• 10:04

    While the Pandora’s Box of Scottish independence remains closed, it has opened up serious legislative and political questions for the European Union, our Europe Correspondent Suzanne Lynch has written this morning.  


    She notes that  the defeat of the ‘yes’ vote makes it more likely that Britain will stay within the Union, given the higher proportion of pro-Europeans in Scotland.  

  • 10:15
    Speaking of the EU. Here's a man who woke up with one less headache.  
  • 10:22
    This tweet from Scottish satirist Armando Lannucci has been retweeted more than 700 times in the last hour, perhaps reflecting fears that Scotland has been left divided.
  • 10:33

    Anticipating Queen Elizabeth II's statement on the No vote from Balmoral, Press Association  notes "It is thought unlikely she stayed up through the night." But it says she has been "following the referendum very closely".

    Don't expect anything too radical though, PA notes "Any statement will be carefully timed to ensure all political leaders have already made their comments on the outcome, as well as carefully worded."

  • 11:09
    This vote has ripples as far as Spain where separatists in Catalonia had hoped for a Yes vote to help their calls for an independence referendum.  Spanish prime minister Mariano Rajoy said today the Scots had "chosen the most favourable option for everyone; for themselves, for all of Britain and for the rest of Europe."
  • 11:10
    Is this the end or the start? That's the question posed by Denis Staunton in his special Irish Times World View podcast just pubished. You can listen to it here.  
  • 11:13
    For number crunching enthusiasts. The Economist has produced a heat map of the vote which shows that the strongest No vote, perhaps not surprisingly, was at the border with England. See it here.  
  • 11:19
    Not surprisingly the Grand Orange Lodge of Ireland has welcomed the result. "There can be no doubt that the Union we cherish has been altered by the referendum campaign; and so there is an onus on those in Government to take notice of the concerns and issues raised".  You can read the full statement here.  
  • 11:23
    The Welsh government has been tweeting, it's clearly seeking a share of those sweeties (powers) promised to Scotland. "Wales deserves to be treated as an equal partner in this family of nations."
    "The old union is dead. We need to forge a new one...now is the time to sit together, all four nations, & work this through"..."I want to make clear now that promises made by 3 UK party leaders have to be delivered. Any reneging would be a gross breach of faith." it said in tweets sent in the past few minutes.  
  • 11:46

    You'll be hearing a lot of debate about the Barnett Formula - one of those dangling sweeties Cameron promised the Scots he would maintain late in the campaign.  So what is it?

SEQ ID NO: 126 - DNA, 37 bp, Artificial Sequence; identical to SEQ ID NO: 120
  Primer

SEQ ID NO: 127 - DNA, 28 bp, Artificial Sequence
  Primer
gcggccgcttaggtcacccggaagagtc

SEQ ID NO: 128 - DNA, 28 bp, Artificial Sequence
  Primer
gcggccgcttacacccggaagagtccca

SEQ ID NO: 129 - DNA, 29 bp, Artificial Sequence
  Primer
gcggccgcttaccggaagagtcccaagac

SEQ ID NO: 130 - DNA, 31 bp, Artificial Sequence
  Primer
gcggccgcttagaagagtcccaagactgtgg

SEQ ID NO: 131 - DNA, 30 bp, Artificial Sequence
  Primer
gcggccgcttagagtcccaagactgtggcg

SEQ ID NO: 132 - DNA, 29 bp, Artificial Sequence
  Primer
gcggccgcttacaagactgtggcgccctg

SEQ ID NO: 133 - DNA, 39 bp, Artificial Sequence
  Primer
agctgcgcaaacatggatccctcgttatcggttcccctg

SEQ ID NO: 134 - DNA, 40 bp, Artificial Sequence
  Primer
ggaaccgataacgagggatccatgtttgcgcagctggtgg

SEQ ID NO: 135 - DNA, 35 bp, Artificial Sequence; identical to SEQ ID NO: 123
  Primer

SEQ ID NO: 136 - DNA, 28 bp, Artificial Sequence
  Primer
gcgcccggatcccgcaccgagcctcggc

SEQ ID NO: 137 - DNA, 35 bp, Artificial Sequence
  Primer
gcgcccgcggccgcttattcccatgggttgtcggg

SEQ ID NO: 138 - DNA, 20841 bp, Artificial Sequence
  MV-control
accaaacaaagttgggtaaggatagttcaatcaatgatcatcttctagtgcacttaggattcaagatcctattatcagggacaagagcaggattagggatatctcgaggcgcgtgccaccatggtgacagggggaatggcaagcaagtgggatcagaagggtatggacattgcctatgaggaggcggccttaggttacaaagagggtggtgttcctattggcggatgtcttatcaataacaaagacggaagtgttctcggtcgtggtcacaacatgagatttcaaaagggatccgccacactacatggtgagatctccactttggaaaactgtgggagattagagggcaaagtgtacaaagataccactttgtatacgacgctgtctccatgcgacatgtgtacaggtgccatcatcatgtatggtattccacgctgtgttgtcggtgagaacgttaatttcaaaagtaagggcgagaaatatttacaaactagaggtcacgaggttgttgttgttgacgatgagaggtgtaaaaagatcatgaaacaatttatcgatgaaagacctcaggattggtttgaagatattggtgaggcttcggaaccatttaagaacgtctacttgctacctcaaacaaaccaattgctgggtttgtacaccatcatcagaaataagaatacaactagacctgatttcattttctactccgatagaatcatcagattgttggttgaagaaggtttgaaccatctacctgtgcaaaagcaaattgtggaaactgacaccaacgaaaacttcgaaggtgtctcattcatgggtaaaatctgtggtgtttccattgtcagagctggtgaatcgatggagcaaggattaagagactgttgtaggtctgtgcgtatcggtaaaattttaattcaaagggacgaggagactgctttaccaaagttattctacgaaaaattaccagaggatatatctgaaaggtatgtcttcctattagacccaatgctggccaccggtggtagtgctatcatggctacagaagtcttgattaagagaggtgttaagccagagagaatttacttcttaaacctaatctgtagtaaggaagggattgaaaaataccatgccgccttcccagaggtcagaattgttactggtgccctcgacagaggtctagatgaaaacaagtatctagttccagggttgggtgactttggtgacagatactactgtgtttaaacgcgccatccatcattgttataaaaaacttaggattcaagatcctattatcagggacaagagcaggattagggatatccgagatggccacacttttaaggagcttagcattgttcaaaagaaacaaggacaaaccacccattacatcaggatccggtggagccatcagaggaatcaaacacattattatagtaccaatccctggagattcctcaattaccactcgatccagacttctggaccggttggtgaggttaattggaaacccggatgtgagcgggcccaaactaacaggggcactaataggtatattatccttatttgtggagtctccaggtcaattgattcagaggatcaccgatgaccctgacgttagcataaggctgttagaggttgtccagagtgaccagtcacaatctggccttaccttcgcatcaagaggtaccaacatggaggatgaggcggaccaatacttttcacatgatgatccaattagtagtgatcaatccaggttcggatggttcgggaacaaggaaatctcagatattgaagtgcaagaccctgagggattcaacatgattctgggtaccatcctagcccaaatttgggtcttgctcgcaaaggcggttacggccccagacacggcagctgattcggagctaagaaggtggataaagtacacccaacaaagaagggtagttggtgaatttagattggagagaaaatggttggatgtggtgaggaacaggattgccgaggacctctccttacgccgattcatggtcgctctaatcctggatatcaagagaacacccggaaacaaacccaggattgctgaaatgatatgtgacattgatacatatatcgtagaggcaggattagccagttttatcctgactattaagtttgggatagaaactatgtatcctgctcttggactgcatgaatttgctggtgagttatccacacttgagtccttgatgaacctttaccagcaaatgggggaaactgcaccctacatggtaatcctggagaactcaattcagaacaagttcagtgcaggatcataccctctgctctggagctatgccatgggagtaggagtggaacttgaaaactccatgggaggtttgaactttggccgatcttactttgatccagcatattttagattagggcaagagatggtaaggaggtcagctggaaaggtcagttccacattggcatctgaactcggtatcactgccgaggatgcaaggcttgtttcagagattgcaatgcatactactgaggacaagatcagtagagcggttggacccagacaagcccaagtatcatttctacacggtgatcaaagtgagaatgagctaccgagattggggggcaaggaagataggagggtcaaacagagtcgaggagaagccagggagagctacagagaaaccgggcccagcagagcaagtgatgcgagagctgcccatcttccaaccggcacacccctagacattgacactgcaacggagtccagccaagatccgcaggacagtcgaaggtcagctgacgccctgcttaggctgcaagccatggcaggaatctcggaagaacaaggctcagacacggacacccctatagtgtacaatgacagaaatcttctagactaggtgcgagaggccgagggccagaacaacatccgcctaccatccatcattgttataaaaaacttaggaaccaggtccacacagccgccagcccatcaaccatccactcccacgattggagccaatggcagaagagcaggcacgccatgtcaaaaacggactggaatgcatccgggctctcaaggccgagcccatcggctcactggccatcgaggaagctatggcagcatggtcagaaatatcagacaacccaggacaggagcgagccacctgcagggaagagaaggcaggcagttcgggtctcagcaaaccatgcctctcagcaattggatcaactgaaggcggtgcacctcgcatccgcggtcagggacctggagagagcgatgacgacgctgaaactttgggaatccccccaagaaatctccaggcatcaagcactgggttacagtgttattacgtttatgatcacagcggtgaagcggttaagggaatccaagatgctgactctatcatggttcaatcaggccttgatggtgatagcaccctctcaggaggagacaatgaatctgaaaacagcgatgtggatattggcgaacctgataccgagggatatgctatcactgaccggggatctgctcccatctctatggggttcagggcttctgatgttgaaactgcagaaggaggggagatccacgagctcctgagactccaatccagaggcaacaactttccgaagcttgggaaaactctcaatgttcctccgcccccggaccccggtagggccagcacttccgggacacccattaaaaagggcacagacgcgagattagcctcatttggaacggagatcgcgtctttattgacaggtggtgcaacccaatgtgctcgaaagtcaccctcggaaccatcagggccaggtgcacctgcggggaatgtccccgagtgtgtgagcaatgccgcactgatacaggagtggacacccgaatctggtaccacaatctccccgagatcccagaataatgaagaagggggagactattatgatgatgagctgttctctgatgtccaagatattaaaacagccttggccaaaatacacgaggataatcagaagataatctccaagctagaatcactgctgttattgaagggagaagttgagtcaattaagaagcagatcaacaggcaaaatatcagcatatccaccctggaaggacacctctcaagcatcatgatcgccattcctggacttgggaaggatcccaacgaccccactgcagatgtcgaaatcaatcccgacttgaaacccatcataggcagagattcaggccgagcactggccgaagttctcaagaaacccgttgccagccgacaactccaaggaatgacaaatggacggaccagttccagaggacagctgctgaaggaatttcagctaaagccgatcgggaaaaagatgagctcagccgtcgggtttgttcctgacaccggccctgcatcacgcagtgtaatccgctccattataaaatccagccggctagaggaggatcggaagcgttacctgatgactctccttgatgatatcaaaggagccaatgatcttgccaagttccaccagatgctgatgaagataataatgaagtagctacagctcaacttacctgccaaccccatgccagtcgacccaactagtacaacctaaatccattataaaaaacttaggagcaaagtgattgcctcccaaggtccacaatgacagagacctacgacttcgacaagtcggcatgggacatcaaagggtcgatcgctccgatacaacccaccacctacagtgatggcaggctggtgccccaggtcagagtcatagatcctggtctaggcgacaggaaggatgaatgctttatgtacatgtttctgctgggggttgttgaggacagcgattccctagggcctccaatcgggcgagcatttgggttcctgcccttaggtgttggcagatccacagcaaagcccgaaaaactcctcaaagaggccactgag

It is the system that sets public spending in Scotland, Wales and Northern Ireland. One of the reasons it is so controversial is that it has led to public spending per head being typically 20% higher in Scotland than in England. Read more of the Guardian's excellent explainer here.  

    Not surprisingly there's a lot of opposition.
  • 12:08

    The people of Cornwall are looking for a piece of the devolution max pie. I'm sure you'll have heard of the  Mebyon Kernow party! "This has huge constitutional significance and it would now be hypocritical for Cameron, Miliband and Clegg to deny the opportunity of devolution to Cornwall through its own National Assembly."  Read more of its statement here.    


    There's a genie in the bottle that  can't go back in.  

  • 12:16

    Pro-independence Scottish comedian Frankie Boyle has been...erm...colourful on Twitter today...like a bear with a sore paw he tweeted (I’ll have to edit him here).  “I should have expected this, because if you'd asked me to estimate how many (INSTERT PROFANITY) there were in Scotland I'd have said about 2 million”

  • 12:56

    Gerry Adams has reacted to the Scottish referendum seeking a poll on the Border and more fiscal powers. In a statement the Sinn Fein president said the  Good Friday Agreement provided for a Border Poll. "It is time for the people who share this island to have a respectful and informed debate with regard to Irish Unity or continued partition."



    “It should be noted that the imposition of Tory welfare cuts on the people of Scotland was an issue in the referendum. There is a need for the administrations in Scotland and the North to have full control over these matters and protect the most vulnerable in society," he said.

    Adams also said: The union is no longer fixed, it is in the ownership of the people.
  • 13:12

    Here's a round up of some reaction from publications around the world:  


    SPAIN EL Pais : Scotland says no to independence- “For the Prime Minister, David Cameron, it has been a clear victory, but not without bitterness, “


    FRANCE Le Figaro: Scotland’s referendum a “lesson” -” French politicians have welcomed the results of the independence referendum in Scotland as a lesson in democracy”


    GERMANY Die Welt: Now the UK Faces and “English Problem” -  “Scotland is staying in the United Kingdom but the co-ordinates of British politics have shifted.”